Grave walkers die…or worse
My granny’s word stung like a bee and hurt a whole lot more.
“Get yourself offa there! You know better than to walk on a grave! What’s got into you!”
I jumped off the grave slab and ran as hard as I could to the back of the graveyard. Partly because Mugi was coming toward me with a yard broom but mainly because tears were stinging my eyes.
I wished that I had stayed home with Mama. She would have come to Decoration Day except we were going to have a picnic, and she didn’t want to eat outside where flies were swarming and ants were crawling. If I could have crawled down in one of those holes in the ant bed, I would have — Mugi hollering at me with all those folks … and Uncle John … around.
I busied myself picking up rocks and putting them in my bucket.
I felt sad and ashamed of what I had done. Nobody had told me not to walk on a grave. I’d just stepped up there to put rocks in the jar of flowers so it wouldn’t get blown over. That was my job – picking up rocks and putting them in the vases and Mason jars of flowers that decorated the graves.
Early that morning, Mugi said she wanted to go to the graveyard “over around home.” It was Decoration Day and folks would be coming to clean up the graveyard and put flowers on all the graves.
She let me help pick flowers in Aunt Eleanor’s yard but there weren’t many. So, on the way to the graveyard — if I remember right, somewhere around Texasville or Bakerhill – we stopped along the road and picked wildflowers and roses that were climbing the fences.
I loved picking flowers and the roses reminded me of Barbrie Allen – that song about hardhearted Barbrie Allen and Sweet William and how they died and a rose grew out of her grave and briars out of his. They wrapped around in a true-lovers knot. That’s how come roses have thorns. That’s what Mugi said.
“Sing ‘Barbrie Allen,’” I begged Mugi and she did. We were having a good time.
At the graveyard, there were a lot of men and women and just a few children.
“Don’t be playing now. We’re here to work,” Mugi said.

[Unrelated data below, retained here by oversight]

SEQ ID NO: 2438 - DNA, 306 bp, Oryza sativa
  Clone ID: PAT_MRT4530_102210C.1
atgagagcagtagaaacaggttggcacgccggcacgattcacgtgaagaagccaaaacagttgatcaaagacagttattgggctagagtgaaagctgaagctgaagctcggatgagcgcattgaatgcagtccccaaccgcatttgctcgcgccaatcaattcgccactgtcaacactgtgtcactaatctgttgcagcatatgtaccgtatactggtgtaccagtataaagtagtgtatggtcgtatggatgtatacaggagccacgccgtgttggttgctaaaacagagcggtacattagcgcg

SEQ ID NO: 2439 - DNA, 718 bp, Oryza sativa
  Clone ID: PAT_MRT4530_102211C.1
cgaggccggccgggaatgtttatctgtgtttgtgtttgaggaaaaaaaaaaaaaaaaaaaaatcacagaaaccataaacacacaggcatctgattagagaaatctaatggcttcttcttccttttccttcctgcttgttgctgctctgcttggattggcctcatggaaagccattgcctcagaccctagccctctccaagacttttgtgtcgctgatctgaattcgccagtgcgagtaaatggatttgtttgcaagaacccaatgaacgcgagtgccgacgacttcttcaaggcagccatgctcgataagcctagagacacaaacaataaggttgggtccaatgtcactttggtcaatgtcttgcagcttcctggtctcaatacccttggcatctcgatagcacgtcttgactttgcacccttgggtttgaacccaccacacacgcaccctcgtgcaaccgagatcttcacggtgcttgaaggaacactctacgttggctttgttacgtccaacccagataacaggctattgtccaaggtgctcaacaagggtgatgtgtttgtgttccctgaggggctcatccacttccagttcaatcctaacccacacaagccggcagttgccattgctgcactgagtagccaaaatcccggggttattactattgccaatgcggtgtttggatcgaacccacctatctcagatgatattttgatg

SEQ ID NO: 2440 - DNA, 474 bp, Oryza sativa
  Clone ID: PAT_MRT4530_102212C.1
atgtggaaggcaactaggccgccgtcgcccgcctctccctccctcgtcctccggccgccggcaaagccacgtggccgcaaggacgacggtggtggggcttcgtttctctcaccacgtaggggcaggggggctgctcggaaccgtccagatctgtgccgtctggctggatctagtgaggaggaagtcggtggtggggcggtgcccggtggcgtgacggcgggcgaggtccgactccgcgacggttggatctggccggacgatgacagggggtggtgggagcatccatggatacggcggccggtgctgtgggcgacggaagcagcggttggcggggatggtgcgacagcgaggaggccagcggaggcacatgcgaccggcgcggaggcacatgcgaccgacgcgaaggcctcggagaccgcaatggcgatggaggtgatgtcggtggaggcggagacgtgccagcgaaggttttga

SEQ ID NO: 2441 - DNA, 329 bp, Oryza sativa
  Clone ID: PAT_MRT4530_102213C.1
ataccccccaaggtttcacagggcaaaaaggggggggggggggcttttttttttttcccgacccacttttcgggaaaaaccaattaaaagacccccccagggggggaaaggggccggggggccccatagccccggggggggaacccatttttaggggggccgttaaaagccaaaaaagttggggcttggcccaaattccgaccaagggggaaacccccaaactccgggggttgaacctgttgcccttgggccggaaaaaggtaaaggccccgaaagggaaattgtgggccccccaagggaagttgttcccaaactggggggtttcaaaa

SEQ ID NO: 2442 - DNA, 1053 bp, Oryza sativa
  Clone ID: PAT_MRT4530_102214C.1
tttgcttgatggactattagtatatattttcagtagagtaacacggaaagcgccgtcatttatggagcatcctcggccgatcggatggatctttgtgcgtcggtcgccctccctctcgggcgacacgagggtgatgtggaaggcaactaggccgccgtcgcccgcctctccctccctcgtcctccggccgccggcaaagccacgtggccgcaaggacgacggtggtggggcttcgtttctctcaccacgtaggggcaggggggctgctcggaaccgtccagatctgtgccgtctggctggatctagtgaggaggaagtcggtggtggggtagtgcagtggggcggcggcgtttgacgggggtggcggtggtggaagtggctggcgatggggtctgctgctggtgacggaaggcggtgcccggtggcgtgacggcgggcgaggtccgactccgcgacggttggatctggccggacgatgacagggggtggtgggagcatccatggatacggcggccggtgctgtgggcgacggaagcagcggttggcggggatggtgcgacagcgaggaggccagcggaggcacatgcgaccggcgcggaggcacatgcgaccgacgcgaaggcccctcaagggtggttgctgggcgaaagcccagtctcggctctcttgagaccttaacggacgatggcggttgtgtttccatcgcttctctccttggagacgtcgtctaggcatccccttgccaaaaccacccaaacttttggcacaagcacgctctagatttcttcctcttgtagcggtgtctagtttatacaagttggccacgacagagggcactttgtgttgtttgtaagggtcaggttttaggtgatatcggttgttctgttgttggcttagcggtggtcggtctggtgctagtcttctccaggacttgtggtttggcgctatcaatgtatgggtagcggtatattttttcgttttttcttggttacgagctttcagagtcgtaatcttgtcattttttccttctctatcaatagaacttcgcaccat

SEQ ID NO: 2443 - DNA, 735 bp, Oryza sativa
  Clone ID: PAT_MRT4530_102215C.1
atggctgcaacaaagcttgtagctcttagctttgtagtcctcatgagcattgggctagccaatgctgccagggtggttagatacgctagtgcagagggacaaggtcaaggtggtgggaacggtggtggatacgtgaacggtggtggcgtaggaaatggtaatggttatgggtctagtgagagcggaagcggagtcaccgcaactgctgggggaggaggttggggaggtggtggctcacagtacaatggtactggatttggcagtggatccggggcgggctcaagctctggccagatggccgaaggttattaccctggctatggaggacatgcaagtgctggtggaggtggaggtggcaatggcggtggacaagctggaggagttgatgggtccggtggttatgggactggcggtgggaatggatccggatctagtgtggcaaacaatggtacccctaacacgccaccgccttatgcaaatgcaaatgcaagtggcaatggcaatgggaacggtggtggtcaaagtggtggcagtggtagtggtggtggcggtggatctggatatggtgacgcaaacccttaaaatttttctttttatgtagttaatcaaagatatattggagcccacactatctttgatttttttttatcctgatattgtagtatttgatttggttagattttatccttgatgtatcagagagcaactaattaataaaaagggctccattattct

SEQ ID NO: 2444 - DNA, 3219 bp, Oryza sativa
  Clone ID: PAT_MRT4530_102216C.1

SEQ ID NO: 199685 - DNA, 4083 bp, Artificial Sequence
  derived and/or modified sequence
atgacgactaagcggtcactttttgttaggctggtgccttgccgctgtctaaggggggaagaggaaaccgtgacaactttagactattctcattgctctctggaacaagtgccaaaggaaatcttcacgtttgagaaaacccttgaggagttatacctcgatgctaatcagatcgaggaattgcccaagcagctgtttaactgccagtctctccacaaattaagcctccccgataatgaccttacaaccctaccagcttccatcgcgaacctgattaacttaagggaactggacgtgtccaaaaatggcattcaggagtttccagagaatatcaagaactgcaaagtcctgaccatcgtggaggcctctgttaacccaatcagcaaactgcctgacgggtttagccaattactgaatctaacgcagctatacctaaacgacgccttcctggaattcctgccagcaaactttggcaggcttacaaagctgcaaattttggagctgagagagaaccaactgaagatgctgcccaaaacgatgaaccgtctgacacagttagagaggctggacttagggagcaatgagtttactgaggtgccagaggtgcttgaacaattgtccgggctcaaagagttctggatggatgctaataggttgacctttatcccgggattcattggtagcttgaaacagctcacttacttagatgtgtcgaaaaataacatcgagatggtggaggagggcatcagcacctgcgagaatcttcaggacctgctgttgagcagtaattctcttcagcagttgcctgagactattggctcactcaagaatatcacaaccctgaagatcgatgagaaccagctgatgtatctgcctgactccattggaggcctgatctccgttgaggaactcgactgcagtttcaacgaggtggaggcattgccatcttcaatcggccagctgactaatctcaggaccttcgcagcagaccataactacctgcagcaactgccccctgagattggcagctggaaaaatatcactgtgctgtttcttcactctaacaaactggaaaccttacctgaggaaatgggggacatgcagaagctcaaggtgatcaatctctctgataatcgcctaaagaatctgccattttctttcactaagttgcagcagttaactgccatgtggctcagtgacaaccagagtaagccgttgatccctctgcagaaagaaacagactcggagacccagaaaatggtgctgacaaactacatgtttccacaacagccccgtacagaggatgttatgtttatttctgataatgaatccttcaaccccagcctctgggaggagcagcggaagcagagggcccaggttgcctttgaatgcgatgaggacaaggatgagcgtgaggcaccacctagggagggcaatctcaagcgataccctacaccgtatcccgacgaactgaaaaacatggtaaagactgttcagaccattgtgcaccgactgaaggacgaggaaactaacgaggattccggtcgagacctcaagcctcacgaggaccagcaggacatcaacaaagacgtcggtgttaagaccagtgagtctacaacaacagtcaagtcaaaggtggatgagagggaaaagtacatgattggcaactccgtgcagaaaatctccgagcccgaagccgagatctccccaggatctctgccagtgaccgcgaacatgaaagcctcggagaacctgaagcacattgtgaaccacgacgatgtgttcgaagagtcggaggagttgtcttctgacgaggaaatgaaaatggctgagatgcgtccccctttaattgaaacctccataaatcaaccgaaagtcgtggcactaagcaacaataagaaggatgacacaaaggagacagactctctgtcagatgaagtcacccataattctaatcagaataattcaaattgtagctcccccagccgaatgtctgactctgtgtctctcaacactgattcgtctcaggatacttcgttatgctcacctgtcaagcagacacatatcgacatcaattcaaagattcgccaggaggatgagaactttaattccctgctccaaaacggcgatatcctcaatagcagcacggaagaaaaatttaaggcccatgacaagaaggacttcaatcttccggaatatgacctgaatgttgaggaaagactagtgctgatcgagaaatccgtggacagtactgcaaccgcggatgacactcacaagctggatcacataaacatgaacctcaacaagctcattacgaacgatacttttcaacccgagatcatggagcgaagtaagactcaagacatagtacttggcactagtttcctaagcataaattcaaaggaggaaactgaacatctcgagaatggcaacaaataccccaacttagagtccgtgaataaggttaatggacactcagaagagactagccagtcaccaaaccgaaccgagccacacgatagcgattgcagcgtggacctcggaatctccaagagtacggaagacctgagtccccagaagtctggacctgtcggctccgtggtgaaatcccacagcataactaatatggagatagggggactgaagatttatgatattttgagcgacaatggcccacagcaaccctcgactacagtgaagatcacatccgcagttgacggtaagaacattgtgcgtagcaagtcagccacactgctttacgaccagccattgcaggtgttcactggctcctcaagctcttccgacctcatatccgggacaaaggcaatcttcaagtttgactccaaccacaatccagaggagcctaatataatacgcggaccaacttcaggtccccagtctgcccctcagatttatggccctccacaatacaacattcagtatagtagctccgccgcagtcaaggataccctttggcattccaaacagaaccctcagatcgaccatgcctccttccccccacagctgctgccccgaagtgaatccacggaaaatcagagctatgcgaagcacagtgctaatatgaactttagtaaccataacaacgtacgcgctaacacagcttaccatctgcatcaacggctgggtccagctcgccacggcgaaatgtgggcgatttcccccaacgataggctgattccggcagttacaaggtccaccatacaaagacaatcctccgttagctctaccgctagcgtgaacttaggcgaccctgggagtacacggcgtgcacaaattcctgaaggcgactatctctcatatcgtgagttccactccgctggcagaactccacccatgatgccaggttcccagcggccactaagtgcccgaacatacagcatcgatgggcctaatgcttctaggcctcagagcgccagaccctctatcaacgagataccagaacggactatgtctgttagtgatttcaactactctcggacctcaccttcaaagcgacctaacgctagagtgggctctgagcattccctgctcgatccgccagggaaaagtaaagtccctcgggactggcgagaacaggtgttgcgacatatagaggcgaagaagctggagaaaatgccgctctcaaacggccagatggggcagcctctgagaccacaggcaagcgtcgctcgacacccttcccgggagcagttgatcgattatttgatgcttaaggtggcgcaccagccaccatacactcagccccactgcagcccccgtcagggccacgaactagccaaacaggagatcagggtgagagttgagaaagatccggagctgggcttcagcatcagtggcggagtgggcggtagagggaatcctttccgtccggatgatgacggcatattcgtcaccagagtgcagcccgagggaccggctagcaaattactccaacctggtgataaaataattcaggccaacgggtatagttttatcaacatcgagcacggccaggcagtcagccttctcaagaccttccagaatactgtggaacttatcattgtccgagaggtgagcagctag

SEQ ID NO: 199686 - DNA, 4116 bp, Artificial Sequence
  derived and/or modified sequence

I picked up little rocks that were scattered along the road by the cemetery and put them in the bucket. As soon as anybody put flowers and water in a vase, I dropped in a few rocks for weight. That was fun until I stepped up on the grave and got yelled at.
“If you step on a grave you’ll die or have your head cut off,” one of my ugly little boy cousins said. “Sometimes, evil spirits will come out of the grave and get in your pockets. They’ll come out at night when you’re in bed and take you back to the grave with them. But, if you’ll turn your pockets inside out, the evil sprits will fall out.
“Will not,” I said with my eyes as big as saucers.
“Just wait and see.”
Our picnic lunch would usually have been my favorite part of Decoration Day, but I couldn’t eat. All I could think about was standing on that grave and evil spirits and dying.
Aunt Eleanor asked me what was wrong and I said I had a “stumma-cake.”
Why are your pockets inside out?” she said, as she looked me over good.
“I don’t know.”
Well, she must have known. She told me a story about a little girl that walked on a grave. That little girl didn’t know any better. But it was not nice to stand on a grave. Why, you might be standing on somebody’s head or walking over their body.
“What if somebody walked on Jip’s grave? How would you feel.”
I’d be mad. Jip was the best dog in the world. My hard-of-hearing granddaddy ran over him on the pickup truck, and I fell down on the ground and kicked the air and cried. I’d be real mad.
So, I went over to the grave I had walked on and brushed it off real good and whispered to the spirits that I was sorry. I felt better and went back and ate two drumsticks and a peanut butter and jelly sandwich.
On the way home from Decoration Day, Mugi started singing “Barbrie Allen.”
“Shhhh, Mug. Don’t sing about graves. Shhhh.”